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Tips on writing poetry

Ward Barry (2)
Ward Barry - one of PNG's most prolific and well read poets


SONOMA - Upon the request of a dear friend, I have come up with some tips on writing poetry.

Notice I said “tips on writing poetry”, not “tips on writing good poetry”. Whether a poem is good or not depends on the individual.

We write and rewrite, then write and rewrite again, and repeat the whole process until we feel good about it. But that doesn’t make the poem any better.

So here are my tips on writing poetry. Take what works for you and pass on the rest.

  1. Read

There are no shortcuts to writing poetry. If you want to write poetry, you must first read poetry.

There are many poets and many incredible works. Read and learn from William Shakespeare, Katherine Philips and Robert Frost who continue to awe audiences around the world.

Also read Papua New Guinean poets and see how they utilise the local context in their content.

The poets I would recommend are Russell Soaba, Steven Winduo, Nora Vagi Brash, Jordan Dean, Michael Dom and Caroline Evari.

In my opinion, these poets are the best in the business. I would not hesitate to defer to their expert opinion any time.

You can also check out Keith Jackson's PNG Attitude blog or the Poetry PNG group on Facebook for quality local literature. Good reading precedes good writing.

  1. Let the idea come to you

Many times I have been guilty of forcing an idea onto paper. This doesn’t work, at least for me, and I end up messing up both the poem and my mind.

Let inspiration hit you hard and mull over an idea for a while. Let it run through you veins and become a part of you. This allows you to translate it more effortlessly to paper.

  1. Decide on form

Once you have immersed yourself in an idea, decide on the form of poetry with which you will shape it.

There are sonnets, haikus, rondeaus, terza rimas and many others. A lot of work is free verse. There’s nothing wrong with that.

However, you might want to experiment with different forms to add variety to your work. Variety makes your work interesting.

  1. Stick to the theme and be clear

Every line should add something to develop the theme. It’s advisable not to squeeze too many themes into one poem.

If you’re writing on the tragedy of love, stick to that theme alone and make it stand out. Sometimes, you will think of a theme but, as you write, another theme emerges. It’s normal. It happens all the time.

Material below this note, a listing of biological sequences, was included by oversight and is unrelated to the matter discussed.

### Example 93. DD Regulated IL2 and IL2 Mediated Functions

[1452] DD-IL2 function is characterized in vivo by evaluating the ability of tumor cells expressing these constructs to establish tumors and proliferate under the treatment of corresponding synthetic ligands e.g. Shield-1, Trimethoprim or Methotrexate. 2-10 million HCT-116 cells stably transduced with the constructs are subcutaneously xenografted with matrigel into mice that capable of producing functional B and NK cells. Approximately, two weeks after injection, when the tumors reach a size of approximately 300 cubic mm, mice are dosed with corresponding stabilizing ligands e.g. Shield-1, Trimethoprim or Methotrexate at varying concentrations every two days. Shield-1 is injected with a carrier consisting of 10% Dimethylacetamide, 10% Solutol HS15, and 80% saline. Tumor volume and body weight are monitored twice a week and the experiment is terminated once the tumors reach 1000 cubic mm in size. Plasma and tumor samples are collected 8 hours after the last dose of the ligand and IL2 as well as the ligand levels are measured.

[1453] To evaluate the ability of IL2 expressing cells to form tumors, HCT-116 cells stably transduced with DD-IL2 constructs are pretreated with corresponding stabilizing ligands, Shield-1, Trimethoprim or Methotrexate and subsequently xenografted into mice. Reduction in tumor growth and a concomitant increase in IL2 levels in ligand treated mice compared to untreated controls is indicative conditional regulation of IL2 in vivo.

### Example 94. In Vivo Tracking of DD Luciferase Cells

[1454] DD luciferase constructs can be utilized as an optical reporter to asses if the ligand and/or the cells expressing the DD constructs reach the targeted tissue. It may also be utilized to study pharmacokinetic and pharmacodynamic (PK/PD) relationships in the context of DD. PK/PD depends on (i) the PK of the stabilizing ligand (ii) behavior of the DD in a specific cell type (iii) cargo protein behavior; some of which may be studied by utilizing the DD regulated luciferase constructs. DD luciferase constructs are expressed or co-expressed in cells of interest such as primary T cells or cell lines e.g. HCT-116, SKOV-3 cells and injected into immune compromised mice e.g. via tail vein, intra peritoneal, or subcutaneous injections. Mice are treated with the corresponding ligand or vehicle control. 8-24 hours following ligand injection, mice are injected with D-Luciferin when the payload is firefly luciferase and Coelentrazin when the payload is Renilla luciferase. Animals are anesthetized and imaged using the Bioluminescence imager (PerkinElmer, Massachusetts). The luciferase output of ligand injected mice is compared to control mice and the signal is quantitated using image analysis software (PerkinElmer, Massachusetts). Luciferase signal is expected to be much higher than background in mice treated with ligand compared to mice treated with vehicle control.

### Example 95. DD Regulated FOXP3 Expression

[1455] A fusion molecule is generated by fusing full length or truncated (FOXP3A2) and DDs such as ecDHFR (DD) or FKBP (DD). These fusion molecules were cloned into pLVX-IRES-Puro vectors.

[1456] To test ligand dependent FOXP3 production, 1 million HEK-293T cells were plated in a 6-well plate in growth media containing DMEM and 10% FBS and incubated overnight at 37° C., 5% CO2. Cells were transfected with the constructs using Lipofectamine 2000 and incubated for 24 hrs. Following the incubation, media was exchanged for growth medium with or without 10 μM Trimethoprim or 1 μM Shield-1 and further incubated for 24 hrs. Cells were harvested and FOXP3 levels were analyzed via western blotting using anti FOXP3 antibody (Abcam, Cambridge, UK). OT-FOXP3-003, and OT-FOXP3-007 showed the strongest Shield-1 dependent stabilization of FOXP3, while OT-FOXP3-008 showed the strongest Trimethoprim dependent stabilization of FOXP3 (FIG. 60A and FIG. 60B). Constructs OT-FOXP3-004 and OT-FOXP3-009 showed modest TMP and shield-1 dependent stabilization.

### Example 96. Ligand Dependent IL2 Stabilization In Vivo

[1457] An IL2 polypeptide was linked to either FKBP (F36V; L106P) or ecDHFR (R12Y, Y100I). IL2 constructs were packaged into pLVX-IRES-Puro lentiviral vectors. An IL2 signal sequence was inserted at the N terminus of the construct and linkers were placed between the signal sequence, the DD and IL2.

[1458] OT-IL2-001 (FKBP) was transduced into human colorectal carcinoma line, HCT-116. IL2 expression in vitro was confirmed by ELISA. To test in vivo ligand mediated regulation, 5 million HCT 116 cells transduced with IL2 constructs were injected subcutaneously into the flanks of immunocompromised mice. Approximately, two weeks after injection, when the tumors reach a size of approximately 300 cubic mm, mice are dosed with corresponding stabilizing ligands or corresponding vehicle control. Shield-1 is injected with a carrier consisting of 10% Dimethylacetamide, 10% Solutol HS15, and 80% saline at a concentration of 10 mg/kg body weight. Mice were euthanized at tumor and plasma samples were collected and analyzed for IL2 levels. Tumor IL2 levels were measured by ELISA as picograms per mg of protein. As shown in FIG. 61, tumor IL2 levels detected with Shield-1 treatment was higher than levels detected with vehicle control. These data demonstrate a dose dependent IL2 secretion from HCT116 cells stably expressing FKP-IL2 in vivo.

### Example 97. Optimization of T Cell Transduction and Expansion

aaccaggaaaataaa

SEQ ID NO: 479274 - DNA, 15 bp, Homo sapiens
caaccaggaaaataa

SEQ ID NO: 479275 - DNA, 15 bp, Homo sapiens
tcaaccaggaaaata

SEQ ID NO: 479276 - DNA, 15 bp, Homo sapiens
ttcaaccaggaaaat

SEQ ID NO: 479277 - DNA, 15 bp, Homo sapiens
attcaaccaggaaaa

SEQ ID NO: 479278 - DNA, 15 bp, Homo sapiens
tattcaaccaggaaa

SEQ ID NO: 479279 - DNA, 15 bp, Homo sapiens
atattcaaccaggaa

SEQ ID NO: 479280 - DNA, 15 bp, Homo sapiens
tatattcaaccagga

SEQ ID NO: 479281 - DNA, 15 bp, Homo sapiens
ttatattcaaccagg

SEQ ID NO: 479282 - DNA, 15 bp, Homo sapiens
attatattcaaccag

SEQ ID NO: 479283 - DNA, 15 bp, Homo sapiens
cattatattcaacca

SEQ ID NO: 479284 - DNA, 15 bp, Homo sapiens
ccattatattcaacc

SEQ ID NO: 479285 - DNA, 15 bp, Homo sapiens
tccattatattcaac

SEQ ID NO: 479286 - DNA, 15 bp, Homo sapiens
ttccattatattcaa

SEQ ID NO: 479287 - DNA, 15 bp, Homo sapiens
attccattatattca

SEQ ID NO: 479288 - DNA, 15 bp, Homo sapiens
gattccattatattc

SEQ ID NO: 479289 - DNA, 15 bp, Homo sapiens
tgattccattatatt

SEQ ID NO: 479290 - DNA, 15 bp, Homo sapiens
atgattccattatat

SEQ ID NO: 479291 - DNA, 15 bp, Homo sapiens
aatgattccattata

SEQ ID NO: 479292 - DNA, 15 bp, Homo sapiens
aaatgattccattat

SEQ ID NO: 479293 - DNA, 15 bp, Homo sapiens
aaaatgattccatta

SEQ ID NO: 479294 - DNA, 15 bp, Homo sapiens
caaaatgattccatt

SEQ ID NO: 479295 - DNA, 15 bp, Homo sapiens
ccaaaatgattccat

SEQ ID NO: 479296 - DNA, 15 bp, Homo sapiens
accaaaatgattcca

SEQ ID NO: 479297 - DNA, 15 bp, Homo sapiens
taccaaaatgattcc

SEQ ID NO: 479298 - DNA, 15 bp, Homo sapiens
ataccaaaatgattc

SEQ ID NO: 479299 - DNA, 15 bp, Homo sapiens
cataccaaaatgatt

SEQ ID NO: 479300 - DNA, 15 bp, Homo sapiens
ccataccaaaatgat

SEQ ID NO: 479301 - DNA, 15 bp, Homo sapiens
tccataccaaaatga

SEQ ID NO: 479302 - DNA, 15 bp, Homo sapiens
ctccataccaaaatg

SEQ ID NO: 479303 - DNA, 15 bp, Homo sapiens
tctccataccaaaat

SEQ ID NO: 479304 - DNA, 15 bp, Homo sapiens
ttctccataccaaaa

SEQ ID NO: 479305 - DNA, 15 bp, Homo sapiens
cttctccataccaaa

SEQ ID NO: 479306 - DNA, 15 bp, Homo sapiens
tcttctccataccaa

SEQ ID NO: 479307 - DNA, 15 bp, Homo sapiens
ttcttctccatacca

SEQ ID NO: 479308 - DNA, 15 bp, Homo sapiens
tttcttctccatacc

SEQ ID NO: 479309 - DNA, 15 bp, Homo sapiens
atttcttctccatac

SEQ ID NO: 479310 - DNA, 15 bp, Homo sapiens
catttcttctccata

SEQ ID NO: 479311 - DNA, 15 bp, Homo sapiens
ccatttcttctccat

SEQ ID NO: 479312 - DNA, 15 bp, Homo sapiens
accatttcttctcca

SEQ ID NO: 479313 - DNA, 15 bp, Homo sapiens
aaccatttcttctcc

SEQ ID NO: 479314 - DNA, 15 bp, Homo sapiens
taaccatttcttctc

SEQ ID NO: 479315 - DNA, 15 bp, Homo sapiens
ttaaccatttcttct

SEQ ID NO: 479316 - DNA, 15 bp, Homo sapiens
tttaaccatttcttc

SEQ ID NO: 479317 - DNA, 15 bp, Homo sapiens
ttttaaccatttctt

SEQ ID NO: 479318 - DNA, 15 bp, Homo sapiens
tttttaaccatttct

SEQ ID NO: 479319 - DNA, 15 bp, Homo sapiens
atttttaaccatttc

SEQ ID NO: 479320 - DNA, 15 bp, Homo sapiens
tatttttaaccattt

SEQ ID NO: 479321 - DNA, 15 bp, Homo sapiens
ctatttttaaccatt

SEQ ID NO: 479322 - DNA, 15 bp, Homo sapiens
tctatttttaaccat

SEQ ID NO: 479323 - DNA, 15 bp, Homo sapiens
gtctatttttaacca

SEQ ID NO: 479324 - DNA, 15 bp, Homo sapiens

There is nothing wrong with having overlapping themes in the same poem. However, be sure to show how they connect. At the end of the poem, the reader should be able to see how the first line connects to the last thematically.

  1. Use imagery simply and carefully

I hate clichés. Their use tends to dull and kill the poetry. Surprise the reader with imagery drawn from an ordinary thing. The toothbrush left on an exercise book... how does it relate to your theme?

Right now, I am looking at blue pants hanging on the clothes line. This tells me the sky has turned upside down. Maybe the gods have decided to come at last!

(Most of my poems have religious overtones so naturally I connect upside down jeans with the Second Coming.) Ridiculous, ay? That’s the point!

  1. Be particular and choosy with words

Know when, how and where to use a word. When I began writing, I thought writing in archaic English and using big words was poetic. How wrong I was!

Poetry is not about big words and “KJV English”. It’s about the right words being used rightly. (I think I got that from Michael Dom.)

In this regard, apply the Three S Rule: be Simple, be Surprising and Stop.

Use simple words in surprising ways and stop to let the reader complete the poem in the space you created. I believe suspense is essential to good writing.

As the saying goes, “less is more and more is less”. Saying little allows the reader to engage with your poem. Choosing your words carefully helps you share your thoughts and feelings confidently and clearly.

  1. Revise

Even when published, no poem is finished. I still update the poems in my collection ‘ABC Dreams’ published in 2016. After you have written that last line, close the book and go for a walk.

Come back and look at it the next day. You will be surprised at the amount of garbage clogging the flow of the poem. It might be a word, a line or some imagery that makes the poem difficult to follow.

Change and cut without mercy. Be your own toughest critic. Never be content. Every poem, published or otherwise, is still a work in progress.

That said, enjoy the process. Writing poetry should be fun. Play around with words and experiment with new ideas and forms. Takes risks in your writing. You become better by learning.

Most importantly, develop your own style and stick to it. We’re not all the same and so logically we write differently. It will take time but once you discover your own style, writing becomes easier and more comfortable.